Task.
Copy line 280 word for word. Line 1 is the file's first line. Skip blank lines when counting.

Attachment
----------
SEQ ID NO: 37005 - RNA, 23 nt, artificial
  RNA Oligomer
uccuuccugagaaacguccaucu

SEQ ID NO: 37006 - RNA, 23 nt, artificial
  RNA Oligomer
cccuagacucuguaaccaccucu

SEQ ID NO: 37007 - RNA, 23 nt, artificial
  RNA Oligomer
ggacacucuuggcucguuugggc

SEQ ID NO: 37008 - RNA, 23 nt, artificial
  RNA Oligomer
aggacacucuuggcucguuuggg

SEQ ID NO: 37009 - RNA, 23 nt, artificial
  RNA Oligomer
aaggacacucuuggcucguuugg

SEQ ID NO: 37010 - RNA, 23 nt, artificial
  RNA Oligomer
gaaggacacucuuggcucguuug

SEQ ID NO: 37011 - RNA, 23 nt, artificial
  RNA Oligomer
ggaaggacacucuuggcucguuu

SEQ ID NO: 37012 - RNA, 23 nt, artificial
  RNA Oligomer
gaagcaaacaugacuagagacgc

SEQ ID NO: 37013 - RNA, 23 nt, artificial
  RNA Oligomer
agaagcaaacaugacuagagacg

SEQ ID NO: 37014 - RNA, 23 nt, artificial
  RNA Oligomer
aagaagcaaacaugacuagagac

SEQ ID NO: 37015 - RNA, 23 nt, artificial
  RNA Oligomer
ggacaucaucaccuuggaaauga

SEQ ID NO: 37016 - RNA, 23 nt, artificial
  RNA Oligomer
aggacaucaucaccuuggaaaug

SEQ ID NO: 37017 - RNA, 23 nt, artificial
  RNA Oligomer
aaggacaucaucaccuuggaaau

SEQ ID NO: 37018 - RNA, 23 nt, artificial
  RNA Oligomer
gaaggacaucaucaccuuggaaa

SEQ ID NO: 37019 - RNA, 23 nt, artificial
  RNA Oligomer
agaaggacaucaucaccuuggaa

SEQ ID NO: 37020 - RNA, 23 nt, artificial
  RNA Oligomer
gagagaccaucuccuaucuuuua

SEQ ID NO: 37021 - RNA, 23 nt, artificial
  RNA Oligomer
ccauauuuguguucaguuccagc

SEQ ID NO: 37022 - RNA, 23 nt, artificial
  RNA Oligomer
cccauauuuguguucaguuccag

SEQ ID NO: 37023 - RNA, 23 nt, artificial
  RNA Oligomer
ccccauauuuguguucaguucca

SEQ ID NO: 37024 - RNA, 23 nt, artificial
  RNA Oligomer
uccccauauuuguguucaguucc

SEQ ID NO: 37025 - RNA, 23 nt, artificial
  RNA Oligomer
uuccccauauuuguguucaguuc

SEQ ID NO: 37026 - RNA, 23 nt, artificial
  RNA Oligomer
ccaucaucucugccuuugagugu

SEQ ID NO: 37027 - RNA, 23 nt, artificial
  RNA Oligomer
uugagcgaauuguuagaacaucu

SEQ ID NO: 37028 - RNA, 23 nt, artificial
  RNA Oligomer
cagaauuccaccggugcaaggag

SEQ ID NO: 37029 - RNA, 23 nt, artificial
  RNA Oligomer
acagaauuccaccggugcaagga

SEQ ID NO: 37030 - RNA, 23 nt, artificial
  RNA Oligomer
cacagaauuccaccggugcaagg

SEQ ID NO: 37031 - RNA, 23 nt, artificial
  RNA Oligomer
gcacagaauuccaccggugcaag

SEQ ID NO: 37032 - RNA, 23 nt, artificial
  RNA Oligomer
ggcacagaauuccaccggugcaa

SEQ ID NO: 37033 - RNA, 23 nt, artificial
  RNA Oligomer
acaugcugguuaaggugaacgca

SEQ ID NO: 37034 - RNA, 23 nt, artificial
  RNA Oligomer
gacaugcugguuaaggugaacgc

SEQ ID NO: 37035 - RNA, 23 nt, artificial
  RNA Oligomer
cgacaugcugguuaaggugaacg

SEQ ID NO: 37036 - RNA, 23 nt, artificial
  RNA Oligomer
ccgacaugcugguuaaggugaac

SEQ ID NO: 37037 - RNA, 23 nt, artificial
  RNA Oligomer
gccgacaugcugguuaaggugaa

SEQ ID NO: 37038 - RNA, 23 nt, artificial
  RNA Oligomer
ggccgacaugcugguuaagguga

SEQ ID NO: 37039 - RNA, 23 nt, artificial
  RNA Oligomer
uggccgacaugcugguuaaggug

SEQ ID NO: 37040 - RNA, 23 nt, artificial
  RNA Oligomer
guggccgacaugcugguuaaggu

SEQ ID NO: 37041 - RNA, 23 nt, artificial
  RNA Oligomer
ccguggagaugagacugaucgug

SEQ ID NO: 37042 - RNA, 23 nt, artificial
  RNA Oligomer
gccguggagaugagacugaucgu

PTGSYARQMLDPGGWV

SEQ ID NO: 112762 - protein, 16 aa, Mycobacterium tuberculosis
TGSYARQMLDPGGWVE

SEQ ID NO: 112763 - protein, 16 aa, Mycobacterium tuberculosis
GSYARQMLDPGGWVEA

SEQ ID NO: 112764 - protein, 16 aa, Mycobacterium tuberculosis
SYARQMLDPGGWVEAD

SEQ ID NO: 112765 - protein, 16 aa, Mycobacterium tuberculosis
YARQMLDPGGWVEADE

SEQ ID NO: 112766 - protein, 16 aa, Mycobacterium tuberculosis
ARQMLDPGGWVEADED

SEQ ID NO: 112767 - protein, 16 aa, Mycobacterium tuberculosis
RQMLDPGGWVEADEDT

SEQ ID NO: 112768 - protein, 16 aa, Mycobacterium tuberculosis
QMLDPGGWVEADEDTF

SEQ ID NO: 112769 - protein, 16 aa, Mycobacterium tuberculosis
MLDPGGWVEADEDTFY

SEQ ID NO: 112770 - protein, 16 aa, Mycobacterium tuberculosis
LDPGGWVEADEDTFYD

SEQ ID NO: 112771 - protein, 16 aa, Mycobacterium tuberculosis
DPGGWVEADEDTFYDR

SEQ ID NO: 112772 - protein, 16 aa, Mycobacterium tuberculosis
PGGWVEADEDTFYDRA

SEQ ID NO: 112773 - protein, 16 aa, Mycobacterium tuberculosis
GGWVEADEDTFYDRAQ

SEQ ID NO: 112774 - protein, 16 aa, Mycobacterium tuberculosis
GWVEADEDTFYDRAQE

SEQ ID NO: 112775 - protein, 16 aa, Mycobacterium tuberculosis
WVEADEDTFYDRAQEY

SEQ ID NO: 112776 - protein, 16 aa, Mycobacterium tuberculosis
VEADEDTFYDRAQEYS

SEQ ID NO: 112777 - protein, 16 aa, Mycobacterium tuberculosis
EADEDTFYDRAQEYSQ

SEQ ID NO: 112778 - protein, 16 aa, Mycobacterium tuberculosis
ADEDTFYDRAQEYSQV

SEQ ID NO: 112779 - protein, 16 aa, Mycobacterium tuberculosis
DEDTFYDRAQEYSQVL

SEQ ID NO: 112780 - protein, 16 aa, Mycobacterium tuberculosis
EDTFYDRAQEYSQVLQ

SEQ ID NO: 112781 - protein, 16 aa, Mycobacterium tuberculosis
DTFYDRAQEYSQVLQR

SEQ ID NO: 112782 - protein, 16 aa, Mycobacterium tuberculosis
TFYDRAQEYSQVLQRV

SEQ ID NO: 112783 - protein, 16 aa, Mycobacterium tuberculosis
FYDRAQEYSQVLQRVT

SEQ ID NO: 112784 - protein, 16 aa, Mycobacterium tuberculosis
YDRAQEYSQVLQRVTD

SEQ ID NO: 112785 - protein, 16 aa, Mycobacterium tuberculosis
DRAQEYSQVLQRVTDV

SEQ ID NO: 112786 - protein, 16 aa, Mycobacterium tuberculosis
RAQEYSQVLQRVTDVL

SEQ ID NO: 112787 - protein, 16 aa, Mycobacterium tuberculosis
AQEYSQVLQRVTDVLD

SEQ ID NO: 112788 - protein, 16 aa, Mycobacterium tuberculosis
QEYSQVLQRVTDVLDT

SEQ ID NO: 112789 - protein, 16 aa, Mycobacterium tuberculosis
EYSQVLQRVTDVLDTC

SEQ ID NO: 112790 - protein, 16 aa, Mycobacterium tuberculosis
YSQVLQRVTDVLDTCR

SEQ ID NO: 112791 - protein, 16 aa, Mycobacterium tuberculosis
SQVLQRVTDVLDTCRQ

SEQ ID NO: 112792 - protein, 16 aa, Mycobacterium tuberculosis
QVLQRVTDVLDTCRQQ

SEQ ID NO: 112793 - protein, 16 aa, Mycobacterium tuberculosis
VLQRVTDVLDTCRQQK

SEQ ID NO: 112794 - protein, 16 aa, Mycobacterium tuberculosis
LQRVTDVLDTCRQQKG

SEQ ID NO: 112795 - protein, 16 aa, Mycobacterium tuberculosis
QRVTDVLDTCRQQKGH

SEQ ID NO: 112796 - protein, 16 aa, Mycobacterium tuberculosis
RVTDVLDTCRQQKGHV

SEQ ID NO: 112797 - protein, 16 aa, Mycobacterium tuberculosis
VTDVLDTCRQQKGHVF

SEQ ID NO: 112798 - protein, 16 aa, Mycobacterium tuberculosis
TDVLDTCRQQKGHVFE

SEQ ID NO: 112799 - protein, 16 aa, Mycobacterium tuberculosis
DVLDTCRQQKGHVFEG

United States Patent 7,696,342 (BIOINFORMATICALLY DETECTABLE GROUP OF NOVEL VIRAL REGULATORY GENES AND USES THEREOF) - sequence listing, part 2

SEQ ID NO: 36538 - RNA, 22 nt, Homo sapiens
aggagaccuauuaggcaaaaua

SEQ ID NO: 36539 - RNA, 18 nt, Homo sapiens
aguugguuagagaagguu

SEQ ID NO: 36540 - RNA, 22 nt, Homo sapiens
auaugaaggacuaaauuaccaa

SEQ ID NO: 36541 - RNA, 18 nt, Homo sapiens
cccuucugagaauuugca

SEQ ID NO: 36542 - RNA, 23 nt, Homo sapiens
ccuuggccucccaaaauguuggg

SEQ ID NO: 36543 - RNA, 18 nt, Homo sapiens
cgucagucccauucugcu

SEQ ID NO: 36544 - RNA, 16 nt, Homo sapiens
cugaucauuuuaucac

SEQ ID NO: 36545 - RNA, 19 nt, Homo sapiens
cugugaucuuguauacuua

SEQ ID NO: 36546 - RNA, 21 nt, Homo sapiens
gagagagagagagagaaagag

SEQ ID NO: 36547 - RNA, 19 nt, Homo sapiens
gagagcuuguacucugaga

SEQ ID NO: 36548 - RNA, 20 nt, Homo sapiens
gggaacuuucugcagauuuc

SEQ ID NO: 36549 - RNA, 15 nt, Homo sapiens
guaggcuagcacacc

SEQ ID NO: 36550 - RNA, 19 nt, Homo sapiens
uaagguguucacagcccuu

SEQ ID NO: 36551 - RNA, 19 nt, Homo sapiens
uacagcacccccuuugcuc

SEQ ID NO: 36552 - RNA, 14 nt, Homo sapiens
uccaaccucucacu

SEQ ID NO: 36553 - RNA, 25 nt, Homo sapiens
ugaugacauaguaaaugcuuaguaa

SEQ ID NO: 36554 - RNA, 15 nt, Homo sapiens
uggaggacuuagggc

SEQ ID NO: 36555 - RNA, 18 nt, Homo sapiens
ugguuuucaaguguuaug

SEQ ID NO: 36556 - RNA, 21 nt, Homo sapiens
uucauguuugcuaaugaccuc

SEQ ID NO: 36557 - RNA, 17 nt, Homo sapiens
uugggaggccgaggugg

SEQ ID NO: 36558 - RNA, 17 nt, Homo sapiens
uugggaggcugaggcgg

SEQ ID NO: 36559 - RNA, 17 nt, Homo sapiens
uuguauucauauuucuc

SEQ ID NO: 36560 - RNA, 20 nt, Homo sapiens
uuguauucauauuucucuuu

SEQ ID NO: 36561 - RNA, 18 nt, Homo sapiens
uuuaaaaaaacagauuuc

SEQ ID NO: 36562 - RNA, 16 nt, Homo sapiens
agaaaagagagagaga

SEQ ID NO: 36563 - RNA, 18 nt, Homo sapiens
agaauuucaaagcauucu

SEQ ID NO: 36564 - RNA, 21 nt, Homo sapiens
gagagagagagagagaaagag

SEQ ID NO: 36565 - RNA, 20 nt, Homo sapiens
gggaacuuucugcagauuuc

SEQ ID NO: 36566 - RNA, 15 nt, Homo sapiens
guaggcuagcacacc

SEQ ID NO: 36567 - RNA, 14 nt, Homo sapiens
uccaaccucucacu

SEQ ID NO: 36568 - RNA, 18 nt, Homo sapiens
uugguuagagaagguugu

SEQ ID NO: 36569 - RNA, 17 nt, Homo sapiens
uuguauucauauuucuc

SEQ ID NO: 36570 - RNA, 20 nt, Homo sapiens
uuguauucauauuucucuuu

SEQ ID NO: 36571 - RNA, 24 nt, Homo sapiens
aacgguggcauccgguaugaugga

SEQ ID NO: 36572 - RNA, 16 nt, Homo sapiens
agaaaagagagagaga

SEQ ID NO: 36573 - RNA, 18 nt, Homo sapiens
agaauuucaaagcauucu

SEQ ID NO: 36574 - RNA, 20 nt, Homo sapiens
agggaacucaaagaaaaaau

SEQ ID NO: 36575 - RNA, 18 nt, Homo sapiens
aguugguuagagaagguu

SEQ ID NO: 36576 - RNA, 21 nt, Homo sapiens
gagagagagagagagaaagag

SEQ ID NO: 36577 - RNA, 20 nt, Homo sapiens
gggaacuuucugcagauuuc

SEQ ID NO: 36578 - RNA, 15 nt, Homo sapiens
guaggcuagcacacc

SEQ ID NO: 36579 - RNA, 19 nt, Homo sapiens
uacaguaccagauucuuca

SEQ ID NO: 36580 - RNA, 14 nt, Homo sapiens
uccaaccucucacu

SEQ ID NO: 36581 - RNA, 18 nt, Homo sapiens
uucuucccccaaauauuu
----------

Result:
uucuucccccaaauauuu